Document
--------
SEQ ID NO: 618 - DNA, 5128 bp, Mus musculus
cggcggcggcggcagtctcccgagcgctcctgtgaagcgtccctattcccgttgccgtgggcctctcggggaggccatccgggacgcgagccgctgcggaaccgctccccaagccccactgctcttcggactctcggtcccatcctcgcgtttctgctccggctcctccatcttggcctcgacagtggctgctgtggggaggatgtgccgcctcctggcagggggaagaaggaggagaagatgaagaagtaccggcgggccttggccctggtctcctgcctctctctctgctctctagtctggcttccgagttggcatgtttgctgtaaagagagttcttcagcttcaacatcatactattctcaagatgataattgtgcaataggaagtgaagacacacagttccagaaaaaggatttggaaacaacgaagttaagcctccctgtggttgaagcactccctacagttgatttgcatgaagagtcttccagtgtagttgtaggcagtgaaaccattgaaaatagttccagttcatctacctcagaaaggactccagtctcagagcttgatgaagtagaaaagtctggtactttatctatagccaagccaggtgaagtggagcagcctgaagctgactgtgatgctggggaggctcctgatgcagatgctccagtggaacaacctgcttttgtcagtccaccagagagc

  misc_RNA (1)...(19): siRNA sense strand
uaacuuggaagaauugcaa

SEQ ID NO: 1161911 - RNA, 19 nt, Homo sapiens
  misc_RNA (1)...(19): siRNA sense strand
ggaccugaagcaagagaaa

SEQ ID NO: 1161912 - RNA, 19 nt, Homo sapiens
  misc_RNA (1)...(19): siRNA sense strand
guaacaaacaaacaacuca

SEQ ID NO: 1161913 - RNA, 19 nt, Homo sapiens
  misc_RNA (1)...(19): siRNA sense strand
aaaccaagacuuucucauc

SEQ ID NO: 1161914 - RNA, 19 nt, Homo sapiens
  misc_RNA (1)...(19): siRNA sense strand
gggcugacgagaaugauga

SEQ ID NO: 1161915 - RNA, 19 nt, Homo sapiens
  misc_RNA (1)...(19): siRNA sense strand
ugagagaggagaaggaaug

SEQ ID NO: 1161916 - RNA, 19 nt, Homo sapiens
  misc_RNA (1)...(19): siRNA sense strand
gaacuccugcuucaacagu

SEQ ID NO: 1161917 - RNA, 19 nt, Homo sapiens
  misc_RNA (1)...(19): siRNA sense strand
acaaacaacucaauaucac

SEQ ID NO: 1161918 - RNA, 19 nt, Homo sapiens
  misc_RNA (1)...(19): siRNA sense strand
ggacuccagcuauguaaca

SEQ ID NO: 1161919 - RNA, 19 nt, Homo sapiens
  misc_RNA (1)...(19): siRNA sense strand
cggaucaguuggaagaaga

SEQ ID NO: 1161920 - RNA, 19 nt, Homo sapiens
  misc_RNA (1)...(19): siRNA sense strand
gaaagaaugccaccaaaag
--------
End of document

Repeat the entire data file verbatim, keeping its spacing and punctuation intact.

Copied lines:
SEQ ID NO: 618 - DNA, 5128 bp, Mus musculus
cggcggcggcggcagtctcccgagcgctcctgtgaagcgtccctattcccgttgccgtgggcctctcggggaggccatccgggacgcgagccgctgcggaaccgctccccaagccccactgctcttcggactctcggtcccatcctcgcgtttctgctccggctcctccatcttggcctcgacagtggctgctgtggggaggatgtgccgcctcctggcagggggaagaaggaggagaagatgaagaagtaccggcgggccttggccctggtctcctgcctctctctctgctctctagtctggcttccgagttggcatgtttgctgtaaagagagttcttcagcttcaacatcatactattctcaagatgataattgtgcaataggaagtgaagacacacagttccagaaaaaggatttggaaacaacgaagttaagcctccctgtggttgaagcactccctacagttgatttgcatgaagagtcttccagtgtagttgtaggcagtgaaaccattgaaaatagttccagttcatctacctcagaaaggactccagtctcagagcttgatgaagtagaaaagtctggtactttatctatagccaagccaggtgaagtggagcagcctgaagctgactgtgatgctggggaggctcctgatgcagatgctccagtggaacaacctgcttttgtcagtccaccagagagc

  misc_RNA (1)...(19): siRNA sense strand
uaacuuggaagaauugcaa

SEQ ID NO: 1161911 - RNA, 19 nt, Homo sapiens
  misc_RNA (1)...(19): siRNA sense strand
ggaccugaagcaagagaaa

SEQ ID NO: 1161912 - RNA, 19 nt, Homo sapiens
  misc_RNA (1)...(19): siRNA sense strand
guaacaaacaaacaacuca

SEQ ID NO: 1161913 - RNA, 19 nt, Homo sapiens
  misc_RNA (1)...(19): siRNA sense strand
aaaccaagacuuucucauc

SEQ ID NO: 1161914 - RNA, 19 nt, Homo sapiens
  misc_RNA (1)...(19): siRNA sense strand
gggcugacgagaaugauga

SEQ ID NO: 1161915 - RNA, 19 nt, Homo sapiens
  misc_RNA (1)...(19): siRNA sense strand
ugagagaggagaaggaaug

SEQ ID NO: 1161916 - RNA, 19 nt, Homo sapiens
  misc_RNA (1)...(19): siRNA sense strand
gaacuccugcuucaacagu

SEQ ID NO: 1161917 - RNA, 19 nt, Homo sapiens
  misc_RNA (1)...(19): siRNA sense strand
acaaacaacucaauaucac

SEQ ID NO: 1161918 - RNA, 19 nt, Homo sapiens
  misc_RNA (1)...(19): siRNA sense strand
ggacuccagcuauguaaca

SEQ ID NO: 1161919 - RNA, 19 nt, Homo sapiens
  misc_RNA (1)...(19): siRNA sense strand
cggaucaguuggaagaaga

SEQ ID NO: 1161920 - RNA, 19 nt, Homo sapiens
  misc_RNA (1)...(19): siRNA sense strand
gaaagaaugccaccaaaag